Here's one example, a picture of a motorbike I took in the street outside and which I showed to learners, asking them to come back to class with as many pictures they could find of different vehicles on the streets of Barcelona…
… which they did and, a week or so later, had invented some pretty amazing "owners" of the vehicles they'd photographed (a number of whom "sold" their vehicles to other "owners").
You could have stolen all the images of the vehicles off of Google Images (and then PowerPointed them!) but they got so much more excited and engaged by their photos on their phones.
See also further examples and explanation for the same task.
A message from technical support
One from my time in technical support (TS) , in which I will be continuing for around another 10 years.
How many times have I had the following conversation or variations on it?
USER I want to be able to do this. I used to be able to do
it but it doesn't work now
TS That's no longer possible* but why don't you do this instead?
USER I don't want to do that. I want to do what I've always done!
*Possibly due to an unwanted Windows update 😉 !
We're there to help you in Technical Support, we want to help you but in the end you've got to help yourself and the best way to do that is to accept that technology moves relentlessly forward, and move forward with it. Life, they say, begins outside your comfort zone — and so does self-sufficiency in technology.
Step out of your comfort zone and you'll never have to have that same conversation with the Geeks again. We will have become unnecessary.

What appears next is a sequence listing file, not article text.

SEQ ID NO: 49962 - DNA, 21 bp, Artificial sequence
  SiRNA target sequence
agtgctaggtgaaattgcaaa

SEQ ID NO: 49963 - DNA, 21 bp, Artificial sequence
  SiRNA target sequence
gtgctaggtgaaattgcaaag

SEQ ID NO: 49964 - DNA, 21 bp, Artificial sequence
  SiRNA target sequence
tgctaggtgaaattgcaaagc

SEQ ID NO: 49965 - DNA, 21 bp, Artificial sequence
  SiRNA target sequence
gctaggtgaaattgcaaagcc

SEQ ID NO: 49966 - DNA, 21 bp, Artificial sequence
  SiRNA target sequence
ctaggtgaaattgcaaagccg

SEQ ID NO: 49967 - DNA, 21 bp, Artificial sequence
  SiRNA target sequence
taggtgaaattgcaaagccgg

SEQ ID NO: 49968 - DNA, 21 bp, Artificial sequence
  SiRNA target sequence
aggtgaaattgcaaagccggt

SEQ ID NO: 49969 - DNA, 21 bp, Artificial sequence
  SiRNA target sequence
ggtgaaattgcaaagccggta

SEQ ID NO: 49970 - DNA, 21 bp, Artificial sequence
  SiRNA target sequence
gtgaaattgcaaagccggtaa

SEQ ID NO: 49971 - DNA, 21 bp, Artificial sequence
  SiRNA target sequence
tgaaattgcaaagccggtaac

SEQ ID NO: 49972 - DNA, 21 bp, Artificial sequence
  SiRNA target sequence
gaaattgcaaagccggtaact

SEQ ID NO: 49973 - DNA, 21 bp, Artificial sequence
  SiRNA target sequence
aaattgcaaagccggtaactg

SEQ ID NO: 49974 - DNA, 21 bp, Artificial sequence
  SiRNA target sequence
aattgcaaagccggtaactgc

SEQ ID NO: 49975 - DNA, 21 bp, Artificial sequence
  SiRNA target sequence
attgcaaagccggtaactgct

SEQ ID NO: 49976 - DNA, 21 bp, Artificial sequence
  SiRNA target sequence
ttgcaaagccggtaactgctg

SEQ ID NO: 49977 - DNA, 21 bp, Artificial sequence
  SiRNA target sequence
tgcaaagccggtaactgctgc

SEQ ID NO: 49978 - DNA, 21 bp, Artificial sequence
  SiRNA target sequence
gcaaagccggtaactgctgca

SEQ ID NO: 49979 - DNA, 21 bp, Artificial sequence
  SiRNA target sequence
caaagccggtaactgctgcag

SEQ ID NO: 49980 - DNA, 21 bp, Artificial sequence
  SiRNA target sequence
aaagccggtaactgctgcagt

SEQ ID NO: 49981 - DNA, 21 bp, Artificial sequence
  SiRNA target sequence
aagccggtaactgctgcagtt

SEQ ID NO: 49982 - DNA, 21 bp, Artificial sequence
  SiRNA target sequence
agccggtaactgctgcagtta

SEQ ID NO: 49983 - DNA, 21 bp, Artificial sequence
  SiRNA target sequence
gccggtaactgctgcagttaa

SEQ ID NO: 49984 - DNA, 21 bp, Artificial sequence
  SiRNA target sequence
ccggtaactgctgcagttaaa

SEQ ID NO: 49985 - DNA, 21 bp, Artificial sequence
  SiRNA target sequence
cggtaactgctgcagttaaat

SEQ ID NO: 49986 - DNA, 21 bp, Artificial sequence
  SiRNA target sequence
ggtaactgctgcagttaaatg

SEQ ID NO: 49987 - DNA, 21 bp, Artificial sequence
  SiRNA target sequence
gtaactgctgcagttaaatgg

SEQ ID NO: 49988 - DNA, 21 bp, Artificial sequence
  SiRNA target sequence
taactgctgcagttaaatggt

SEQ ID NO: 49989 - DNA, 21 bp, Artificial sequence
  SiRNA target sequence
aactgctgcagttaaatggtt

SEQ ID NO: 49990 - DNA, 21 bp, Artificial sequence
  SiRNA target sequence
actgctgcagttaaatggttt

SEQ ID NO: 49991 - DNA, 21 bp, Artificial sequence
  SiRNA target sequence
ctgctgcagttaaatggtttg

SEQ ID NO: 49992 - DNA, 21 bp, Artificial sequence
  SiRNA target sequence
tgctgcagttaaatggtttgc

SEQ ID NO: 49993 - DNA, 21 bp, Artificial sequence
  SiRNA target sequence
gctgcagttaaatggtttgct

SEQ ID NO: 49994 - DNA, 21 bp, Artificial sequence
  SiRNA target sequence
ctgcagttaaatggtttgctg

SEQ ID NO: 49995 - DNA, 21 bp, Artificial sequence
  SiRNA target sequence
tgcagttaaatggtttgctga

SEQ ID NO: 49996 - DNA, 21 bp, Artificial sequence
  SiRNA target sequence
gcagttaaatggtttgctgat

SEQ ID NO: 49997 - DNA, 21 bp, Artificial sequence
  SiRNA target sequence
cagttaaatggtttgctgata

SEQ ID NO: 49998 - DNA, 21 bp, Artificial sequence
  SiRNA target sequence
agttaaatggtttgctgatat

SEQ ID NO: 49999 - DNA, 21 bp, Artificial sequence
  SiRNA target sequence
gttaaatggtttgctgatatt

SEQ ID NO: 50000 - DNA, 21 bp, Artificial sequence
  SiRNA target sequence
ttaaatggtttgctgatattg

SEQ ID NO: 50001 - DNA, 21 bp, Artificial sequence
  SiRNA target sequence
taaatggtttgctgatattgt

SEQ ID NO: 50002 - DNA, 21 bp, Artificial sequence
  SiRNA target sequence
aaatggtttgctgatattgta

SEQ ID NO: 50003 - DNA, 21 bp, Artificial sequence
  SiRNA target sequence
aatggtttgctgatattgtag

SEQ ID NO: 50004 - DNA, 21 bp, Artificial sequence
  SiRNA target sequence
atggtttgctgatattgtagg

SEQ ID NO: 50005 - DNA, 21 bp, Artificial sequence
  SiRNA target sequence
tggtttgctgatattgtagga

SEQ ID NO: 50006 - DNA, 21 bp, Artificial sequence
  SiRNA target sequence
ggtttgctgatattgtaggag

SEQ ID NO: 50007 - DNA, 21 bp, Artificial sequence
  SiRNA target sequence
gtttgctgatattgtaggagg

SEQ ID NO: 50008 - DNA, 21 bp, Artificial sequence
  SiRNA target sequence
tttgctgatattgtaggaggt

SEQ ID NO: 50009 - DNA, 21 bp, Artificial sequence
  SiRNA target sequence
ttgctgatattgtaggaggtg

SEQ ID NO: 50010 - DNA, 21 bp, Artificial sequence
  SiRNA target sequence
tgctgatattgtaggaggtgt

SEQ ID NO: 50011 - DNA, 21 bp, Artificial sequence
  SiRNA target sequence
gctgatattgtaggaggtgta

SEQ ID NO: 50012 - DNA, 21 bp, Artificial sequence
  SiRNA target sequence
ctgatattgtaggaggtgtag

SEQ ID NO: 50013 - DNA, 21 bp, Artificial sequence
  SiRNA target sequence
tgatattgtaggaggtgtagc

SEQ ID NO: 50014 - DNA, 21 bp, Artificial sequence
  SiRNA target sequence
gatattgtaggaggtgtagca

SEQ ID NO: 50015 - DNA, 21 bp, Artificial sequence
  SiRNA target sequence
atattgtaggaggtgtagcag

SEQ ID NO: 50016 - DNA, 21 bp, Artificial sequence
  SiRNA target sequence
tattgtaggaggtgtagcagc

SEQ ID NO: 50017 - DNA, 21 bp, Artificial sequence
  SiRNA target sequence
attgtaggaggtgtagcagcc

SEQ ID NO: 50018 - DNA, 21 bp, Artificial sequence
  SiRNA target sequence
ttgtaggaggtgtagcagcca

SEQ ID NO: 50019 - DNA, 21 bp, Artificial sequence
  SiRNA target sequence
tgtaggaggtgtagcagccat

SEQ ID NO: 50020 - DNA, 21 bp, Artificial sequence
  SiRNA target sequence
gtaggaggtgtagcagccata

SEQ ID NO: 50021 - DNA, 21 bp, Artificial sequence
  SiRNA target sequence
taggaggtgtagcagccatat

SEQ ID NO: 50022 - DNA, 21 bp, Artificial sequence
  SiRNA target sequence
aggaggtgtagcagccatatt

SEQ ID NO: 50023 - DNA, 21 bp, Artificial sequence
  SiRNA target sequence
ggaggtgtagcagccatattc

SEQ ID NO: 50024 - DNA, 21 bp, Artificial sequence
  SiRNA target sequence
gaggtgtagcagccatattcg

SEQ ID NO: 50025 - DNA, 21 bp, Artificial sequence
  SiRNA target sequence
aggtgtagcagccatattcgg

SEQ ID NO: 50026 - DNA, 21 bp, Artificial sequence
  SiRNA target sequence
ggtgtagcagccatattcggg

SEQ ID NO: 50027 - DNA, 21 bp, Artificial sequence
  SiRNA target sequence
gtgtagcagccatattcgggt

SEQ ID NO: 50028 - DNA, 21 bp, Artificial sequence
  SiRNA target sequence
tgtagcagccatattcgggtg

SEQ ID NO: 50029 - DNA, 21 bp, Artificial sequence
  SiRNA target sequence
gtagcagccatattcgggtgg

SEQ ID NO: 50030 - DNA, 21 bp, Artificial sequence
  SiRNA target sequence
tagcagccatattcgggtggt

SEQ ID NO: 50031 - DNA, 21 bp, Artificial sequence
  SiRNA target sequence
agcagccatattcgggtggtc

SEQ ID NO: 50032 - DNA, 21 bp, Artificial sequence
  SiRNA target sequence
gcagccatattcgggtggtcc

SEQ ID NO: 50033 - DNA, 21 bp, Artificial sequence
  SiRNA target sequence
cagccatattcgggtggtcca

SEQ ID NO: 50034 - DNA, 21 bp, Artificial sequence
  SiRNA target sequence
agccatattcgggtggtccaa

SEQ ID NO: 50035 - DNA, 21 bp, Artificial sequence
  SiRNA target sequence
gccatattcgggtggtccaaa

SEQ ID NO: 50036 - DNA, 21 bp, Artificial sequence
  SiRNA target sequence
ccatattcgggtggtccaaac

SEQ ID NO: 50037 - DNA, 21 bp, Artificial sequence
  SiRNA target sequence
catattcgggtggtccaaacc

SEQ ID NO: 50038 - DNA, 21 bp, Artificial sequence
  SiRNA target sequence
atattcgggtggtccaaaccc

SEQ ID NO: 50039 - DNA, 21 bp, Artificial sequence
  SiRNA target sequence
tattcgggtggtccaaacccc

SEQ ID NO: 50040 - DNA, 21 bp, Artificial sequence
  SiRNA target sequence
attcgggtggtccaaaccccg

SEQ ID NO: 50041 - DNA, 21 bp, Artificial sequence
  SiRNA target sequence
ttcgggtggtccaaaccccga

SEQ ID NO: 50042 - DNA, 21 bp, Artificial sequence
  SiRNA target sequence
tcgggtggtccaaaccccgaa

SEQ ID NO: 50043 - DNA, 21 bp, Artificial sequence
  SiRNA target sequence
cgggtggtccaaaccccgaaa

A message from another lifetime
On the wall of my office
And because I had half another lifetime in management, here's one thought from that time, and from my 35+ years observing what happens in schools: the worst thing a manager can do is to stand in the way of change, the next worst to do anything at all that makes the job of anyone under him/her harder in any way whatsoever.
Hanging on the wall of my office around the last 10 years there's been the photocopy you can see in the image above, an appeal for Leonard Cheshire Homes, which has a picture of a woman in a wheelchair and a sign saying "enabled" on the table.
What's the primary job of any manager (and of a teacher, and of technical support, come to think of it)? It's to enable people to do whatever.
Just one regret
If I could have my time again I'd be a teacher. I liked being a teacher. Often it was a challenge, often it was unrewarding and unappreciated, always it was underpaid but I wouldn't have swapped it for any other profession — except the crazy ideas which I once daydreamed of but could never have been (like a helicopter pilot, or a drifter in a Western, or a photographer).
Or a collector of quotations (which I was). Muhammad Ali said this; "Service to others is the rent you pay for your room here on earth" and teaching was, for me, a life of service and that was what made it worthwhile.
My one regret was that for 35 years I primarily served organizations rather than school children, who — I realise — weren't always any more thankful to you for your efforts than your DoS or Head of Department but who needed and deserved your service so much more.
If I could start over, I'd go back to where I began — in Primary and Secondary — and serve there instead.
And after 35 years, I'm glad I'm still a little naive.